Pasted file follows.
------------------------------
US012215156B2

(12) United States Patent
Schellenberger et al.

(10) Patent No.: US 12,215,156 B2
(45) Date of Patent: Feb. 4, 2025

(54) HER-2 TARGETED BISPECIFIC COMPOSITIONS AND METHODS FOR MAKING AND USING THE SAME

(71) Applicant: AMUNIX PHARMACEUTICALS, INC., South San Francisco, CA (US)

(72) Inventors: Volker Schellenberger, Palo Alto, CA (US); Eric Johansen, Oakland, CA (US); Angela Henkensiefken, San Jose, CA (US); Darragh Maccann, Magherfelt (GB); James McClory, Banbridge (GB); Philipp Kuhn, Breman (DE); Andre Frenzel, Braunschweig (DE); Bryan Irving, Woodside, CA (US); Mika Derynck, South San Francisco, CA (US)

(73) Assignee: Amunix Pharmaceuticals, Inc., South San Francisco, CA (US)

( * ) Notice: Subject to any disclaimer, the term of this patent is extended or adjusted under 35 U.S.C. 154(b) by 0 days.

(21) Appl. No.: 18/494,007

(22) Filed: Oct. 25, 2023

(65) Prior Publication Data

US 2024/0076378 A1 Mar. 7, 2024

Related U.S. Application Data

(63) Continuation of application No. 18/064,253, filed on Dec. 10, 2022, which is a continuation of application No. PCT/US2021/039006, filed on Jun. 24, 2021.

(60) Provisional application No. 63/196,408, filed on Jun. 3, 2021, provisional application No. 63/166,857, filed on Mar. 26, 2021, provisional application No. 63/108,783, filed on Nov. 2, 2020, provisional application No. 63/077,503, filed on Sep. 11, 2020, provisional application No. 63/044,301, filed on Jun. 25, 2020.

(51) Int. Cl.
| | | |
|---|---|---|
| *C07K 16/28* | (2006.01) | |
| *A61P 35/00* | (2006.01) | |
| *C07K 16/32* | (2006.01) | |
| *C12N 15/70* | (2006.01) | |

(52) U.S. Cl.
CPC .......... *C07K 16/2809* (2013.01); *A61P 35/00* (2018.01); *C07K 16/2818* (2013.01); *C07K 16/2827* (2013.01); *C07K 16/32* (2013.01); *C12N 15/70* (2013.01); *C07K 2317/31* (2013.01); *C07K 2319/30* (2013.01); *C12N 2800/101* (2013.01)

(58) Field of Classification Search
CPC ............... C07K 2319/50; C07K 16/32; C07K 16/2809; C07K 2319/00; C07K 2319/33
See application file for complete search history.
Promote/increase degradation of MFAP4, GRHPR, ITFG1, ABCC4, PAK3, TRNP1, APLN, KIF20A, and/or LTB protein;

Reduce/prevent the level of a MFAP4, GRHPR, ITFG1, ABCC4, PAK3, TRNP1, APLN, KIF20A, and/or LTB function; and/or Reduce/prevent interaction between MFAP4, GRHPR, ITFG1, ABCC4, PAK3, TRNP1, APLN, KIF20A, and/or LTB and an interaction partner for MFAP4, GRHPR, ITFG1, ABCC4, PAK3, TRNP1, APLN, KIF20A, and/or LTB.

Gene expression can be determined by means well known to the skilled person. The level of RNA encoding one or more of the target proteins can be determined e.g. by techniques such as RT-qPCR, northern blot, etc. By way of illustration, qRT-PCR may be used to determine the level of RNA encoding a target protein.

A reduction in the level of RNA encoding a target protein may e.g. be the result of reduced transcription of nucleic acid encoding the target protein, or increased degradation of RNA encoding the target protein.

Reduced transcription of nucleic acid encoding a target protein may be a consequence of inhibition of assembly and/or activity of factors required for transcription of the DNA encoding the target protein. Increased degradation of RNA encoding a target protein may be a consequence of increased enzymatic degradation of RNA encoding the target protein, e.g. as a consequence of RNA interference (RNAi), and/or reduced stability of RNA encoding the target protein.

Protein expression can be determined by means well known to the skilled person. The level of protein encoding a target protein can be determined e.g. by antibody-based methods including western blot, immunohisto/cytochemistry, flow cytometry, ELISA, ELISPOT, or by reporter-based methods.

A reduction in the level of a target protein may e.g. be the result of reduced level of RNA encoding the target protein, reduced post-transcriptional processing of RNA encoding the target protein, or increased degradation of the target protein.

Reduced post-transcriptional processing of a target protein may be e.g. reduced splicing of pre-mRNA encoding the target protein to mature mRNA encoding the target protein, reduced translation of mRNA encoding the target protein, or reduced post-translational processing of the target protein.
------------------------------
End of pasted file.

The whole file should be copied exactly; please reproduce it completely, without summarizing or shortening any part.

US012215156B2

(12) United States Patent
Schellenberger et al.

(10) Patent No.: US 12,215,156 B2
(45) Date of Patent: Feb. 4, 2025

(54) HER-2 TARGETED BISPECIFIC COMPOSITIONS AND METHODS FOR MAKING AND USING THE SAME

(71) Applicant: AMUNIX PHARMACEUTICALS, INC., South San Francisco, CA (US)

(72) Inventors: Volker Schellenberger, Palo Alto, CA (US); Eric Johansen, Oakland, CA (US); Angela Henkensiefken, San Jose, CA (US); Darragh Maccann, Magherfelt (GB); James McClory, Banbridge (GB); Philipp Kuhn, Breman (DE); Andre Frenzel, Braunschweig (DE); Bryan Irving, Woodside, CA (US); Mika Derynck, South San Francisco, CA (US)

(73) Assignee: Amunix Pharmaceuticals, Inc., South San Francisco, CA (US)

( * ) Notice: Subject to any disclaimer, the term of this patent is extended or adjusted under 35 U.S.C. 154(b) by 0 days.

(21) Appl. No.: 18/494,007

(22) Filed: Oct. 25, 2023

(65) Prior Publication Data

US 2024/0076378 A1 Mar. 7, 2024

Related U.S. Application Data

(63) Continuation of application No. 18/064,253, filed on Dec. 10, 2022, which is a continuation of application No. PCT/US2021/039006, filed on Jun. 24, 2021.

(60) Provisional application No. 63/196,408, filed on Jun. 3, 2021, provisional application No. 63/166,857, filed on Mar. 26, 2021, provisional application No. 63/108,783, filed on Nov. 2, 2020, provisional application No. 63/077,503, filed on Sep. 11, 2020, provisional application No. 63/044,301, filed on Jun. 25, 2020.

(51) Int. Cl.
| | | |
|---|---|---|
| *C07K 16/28* | (2006.01) | |
| *A61P 35/00* | (2006.01) | |
| *C07K 16/32* | (2006.01) | |
| *C12N 15/70* | (2006.01) | |

(52) U.S. Cl.
CPC .......... *C07K 16/2809* (2013.01); *A61P 35/00* (2018.01); *C07K 16/2818* (2013.01); *C07K 16/2827* (2013.01); *C07K 16/32* (2013.01); *C12N 15/70* (2013.01); *C07K 2317/31* (2013.01); *C07K 2319/30* (2013.01); *C12N 2800/101* (2013.01)

(58) Field of Classification Search
CPC ............... C07K 2319/50; C07K 16/32; C07K 16/2809; C07K 2319/00; C07K 2319/33
See application file for complete search history.
Promote/increase degradation of MFAP4, GRHPR, ITFG1, ABCC4, PAK3, TRNP1, APLN, KIF20A, and/or LTB protein;

Reduce/prevent the level of a MFAP4, GRHPR, ITFG1, ABCC4, PAK3, TRNP1, APLN, KIF20A, and/or LTB function; and/or Reduce/prevent interaction between MFAP4, GRHPR, ITFG1, ABCC4, PAK3, TRNP1, APLN, KIF20A, and/or LTB and an interaction partner for MFAP4, GRHPR, ITFG1, ABCC4, PAK3, TRNP1, APLN, KIF20A, and/or LTB.

Gene expression can be determined by means well known to the skilled person. The level of RNA encoding one or more of the target proteins can be determined e.g. by techniques such as RT-qPCR, northern blot, etc. By way of illustration, qRT-PCR may be used to determine the level of RNA encoding a target protein.

A reduction in the level of RNA encoding a target protein may e.g. be the result of reduced transcription of nucleic acid encoding the target protein, or increased degradation of RNA encoding the target protein.

Reduced transcription of nucleic acid encoding a target protein may be a consequence of inhibition of assembly and/or activity of factors required for transcription of the DNA encoding the target protein. Increased degradation of RNA encoding a target protein may be a consequence of increased enzymatic degradation of RNA encoding the target protein, e.g. as a consequence of RNA interference (RNAi), and/or reduced stability of RNA encoding the target protein.

Protein expression can be determined by means well known to the skilled person. The level of protein encoding a target protein can be determined e.g. by antibody-based methods including western blot, immunohisto/cytochemistry, flow cytometry, ELISA, ELISPOT, or by reporter-based methods.

A reduction in the level of a target protein may e.g. be the result of reduced level of RNA encoding the target protein, reduced post-transcriptional processing of RNA encoding the target protein, or increased degradation of the target protein.

Reduced post-transcriptional processing of a target protein may be e.g. reduced splicing of pre-mRNA encoding the target protein to mature mRNA encoding the target protein, reduced translation of mRNA encoding the target protein, or reduced post-translational processing of the target protein.